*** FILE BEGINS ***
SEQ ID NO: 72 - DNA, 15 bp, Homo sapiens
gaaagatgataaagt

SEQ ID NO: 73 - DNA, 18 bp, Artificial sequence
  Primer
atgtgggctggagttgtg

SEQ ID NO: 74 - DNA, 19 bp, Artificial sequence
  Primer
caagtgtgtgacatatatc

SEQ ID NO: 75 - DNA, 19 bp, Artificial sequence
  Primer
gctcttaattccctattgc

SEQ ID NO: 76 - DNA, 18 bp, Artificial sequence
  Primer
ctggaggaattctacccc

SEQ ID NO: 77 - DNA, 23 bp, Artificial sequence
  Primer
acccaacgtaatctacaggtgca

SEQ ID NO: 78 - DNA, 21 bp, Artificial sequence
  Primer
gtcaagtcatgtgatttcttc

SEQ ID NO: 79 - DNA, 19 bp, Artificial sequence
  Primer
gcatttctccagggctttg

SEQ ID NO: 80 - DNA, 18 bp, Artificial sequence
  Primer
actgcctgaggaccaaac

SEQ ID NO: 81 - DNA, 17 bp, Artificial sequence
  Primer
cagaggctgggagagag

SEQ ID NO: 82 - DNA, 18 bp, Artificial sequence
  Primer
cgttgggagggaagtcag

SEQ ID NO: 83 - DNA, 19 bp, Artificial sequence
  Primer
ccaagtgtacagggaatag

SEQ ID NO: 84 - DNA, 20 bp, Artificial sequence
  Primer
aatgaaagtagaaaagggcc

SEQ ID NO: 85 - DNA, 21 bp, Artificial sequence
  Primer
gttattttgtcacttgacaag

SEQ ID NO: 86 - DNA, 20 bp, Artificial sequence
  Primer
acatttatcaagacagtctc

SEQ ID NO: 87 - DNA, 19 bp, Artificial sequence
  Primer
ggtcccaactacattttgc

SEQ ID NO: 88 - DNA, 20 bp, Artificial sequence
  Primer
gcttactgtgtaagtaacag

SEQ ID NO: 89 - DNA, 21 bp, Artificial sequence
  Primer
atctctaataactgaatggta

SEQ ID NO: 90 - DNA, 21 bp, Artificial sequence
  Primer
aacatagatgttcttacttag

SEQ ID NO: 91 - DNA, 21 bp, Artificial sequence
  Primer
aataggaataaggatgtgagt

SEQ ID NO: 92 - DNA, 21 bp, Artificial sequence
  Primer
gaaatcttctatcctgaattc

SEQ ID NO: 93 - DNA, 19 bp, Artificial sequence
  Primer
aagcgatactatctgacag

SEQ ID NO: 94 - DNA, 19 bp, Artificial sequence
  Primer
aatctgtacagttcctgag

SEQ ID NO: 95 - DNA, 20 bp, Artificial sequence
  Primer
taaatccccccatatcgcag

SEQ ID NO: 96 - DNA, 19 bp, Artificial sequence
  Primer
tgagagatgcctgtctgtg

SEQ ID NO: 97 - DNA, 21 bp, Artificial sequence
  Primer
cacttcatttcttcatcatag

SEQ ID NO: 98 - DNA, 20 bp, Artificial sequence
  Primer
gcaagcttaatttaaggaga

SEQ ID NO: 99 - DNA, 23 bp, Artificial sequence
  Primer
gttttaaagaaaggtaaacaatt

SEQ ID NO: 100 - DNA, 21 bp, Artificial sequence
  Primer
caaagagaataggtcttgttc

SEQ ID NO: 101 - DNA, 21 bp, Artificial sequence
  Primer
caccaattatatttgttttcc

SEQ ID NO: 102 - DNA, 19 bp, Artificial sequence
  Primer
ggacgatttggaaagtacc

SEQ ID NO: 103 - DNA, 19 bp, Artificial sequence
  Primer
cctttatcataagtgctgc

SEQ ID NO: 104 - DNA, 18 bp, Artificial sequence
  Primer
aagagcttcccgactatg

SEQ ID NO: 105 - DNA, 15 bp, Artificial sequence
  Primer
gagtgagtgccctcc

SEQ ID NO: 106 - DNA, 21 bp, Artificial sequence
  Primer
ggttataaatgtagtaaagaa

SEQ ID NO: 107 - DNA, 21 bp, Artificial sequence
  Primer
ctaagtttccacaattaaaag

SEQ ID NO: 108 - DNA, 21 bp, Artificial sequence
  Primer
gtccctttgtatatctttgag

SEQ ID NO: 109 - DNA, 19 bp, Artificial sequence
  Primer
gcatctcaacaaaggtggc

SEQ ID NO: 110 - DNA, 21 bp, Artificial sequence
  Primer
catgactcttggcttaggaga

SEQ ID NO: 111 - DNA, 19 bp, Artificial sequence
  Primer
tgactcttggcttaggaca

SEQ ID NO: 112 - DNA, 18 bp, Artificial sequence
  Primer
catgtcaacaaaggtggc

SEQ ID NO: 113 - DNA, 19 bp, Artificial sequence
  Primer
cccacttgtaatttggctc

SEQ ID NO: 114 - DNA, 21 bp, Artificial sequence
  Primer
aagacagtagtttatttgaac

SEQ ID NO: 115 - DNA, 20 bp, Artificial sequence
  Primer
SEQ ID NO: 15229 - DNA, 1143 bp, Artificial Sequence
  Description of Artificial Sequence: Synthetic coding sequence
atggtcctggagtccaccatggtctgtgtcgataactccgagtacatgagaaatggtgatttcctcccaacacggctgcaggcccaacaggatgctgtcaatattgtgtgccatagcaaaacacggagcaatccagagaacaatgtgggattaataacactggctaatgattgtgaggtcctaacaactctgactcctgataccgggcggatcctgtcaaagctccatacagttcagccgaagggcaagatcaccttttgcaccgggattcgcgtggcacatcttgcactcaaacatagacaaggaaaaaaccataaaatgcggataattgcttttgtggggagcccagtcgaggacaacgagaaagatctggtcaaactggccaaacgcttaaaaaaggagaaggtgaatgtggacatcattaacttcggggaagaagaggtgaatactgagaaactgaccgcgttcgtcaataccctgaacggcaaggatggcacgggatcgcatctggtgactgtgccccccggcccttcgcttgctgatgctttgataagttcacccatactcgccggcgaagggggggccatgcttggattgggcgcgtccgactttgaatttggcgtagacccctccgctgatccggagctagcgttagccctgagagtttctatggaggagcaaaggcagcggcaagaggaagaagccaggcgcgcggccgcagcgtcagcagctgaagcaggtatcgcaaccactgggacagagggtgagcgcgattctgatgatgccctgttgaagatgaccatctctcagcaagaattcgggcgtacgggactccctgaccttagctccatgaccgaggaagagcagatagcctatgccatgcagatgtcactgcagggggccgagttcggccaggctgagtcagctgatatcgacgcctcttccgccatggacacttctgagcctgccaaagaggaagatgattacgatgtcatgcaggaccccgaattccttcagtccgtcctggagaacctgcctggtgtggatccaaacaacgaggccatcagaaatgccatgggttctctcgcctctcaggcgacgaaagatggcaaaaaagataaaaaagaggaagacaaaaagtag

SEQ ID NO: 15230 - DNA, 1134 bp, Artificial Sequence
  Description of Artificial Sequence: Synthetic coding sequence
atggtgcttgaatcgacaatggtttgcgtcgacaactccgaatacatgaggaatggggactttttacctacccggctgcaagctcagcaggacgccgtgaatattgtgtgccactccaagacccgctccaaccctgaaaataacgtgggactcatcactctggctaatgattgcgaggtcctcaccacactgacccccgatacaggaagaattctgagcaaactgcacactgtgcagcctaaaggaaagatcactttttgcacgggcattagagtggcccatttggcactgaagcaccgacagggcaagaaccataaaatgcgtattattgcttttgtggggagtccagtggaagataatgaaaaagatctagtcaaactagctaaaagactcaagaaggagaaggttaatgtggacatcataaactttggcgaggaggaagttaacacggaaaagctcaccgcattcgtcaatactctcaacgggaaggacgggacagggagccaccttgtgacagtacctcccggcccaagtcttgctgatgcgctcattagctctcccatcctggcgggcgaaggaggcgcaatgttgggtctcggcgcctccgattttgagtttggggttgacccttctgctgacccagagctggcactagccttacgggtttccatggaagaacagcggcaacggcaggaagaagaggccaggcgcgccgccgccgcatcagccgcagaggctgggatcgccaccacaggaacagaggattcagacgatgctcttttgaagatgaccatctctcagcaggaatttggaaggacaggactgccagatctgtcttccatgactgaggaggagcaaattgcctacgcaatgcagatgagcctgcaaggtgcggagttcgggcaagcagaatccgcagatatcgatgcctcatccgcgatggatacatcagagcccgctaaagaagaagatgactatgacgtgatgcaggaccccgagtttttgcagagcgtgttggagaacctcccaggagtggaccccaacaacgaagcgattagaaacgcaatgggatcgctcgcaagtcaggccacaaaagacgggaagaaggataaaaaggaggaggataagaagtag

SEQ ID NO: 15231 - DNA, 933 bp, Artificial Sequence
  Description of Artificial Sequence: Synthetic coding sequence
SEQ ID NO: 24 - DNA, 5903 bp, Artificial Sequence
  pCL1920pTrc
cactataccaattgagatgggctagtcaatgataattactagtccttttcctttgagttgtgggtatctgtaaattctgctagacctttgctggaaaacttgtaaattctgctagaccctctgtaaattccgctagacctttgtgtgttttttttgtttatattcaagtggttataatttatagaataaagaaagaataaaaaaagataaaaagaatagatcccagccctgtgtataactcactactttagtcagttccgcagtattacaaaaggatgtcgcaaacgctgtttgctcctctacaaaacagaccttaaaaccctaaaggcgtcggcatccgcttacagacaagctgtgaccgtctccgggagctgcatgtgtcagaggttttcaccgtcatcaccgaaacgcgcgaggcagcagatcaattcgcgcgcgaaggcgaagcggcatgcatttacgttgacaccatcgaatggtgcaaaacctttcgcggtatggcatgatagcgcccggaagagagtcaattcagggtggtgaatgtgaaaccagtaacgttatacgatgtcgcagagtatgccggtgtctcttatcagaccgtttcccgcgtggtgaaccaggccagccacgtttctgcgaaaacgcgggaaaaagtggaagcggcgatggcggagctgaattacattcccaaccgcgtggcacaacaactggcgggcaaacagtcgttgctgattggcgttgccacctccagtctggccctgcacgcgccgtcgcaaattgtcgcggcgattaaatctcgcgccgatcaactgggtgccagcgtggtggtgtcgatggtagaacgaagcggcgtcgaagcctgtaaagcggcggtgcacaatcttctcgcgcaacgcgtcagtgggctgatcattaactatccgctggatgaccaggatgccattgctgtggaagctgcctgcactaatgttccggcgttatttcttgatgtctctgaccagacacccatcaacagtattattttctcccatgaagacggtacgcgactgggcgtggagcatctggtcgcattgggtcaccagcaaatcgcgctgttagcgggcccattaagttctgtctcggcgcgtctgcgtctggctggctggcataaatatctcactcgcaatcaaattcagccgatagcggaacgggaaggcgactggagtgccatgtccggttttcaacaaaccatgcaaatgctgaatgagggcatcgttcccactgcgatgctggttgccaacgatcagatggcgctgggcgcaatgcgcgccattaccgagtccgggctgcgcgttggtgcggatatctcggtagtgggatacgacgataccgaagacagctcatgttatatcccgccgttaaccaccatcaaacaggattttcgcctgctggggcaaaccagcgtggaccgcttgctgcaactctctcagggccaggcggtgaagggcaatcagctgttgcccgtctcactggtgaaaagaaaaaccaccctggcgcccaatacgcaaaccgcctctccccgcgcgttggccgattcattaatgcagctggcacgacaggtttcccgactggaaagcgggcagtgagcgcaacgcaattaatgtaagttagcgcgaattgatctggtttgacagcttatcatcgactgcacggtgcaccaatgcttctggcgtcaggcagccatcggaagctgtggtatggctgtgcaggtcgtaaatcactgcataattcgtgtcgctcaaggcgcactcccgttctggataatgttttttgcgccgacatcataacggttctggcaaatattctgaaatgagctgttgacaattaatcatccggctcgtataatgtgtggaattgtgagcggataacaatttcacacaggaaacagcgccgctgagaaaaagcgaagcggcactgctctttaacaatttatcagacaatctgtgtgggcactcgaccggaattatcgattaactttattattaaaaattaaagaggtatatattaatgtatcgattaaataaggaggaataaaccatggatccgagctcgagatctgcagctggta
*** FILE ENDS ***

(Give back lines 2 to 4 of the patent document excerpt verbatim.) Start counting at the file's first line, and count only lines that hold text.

gaaagatgataaagt

SEQ ID NO: 73 - DNA, 18 bp, Artificial sequence
  Primer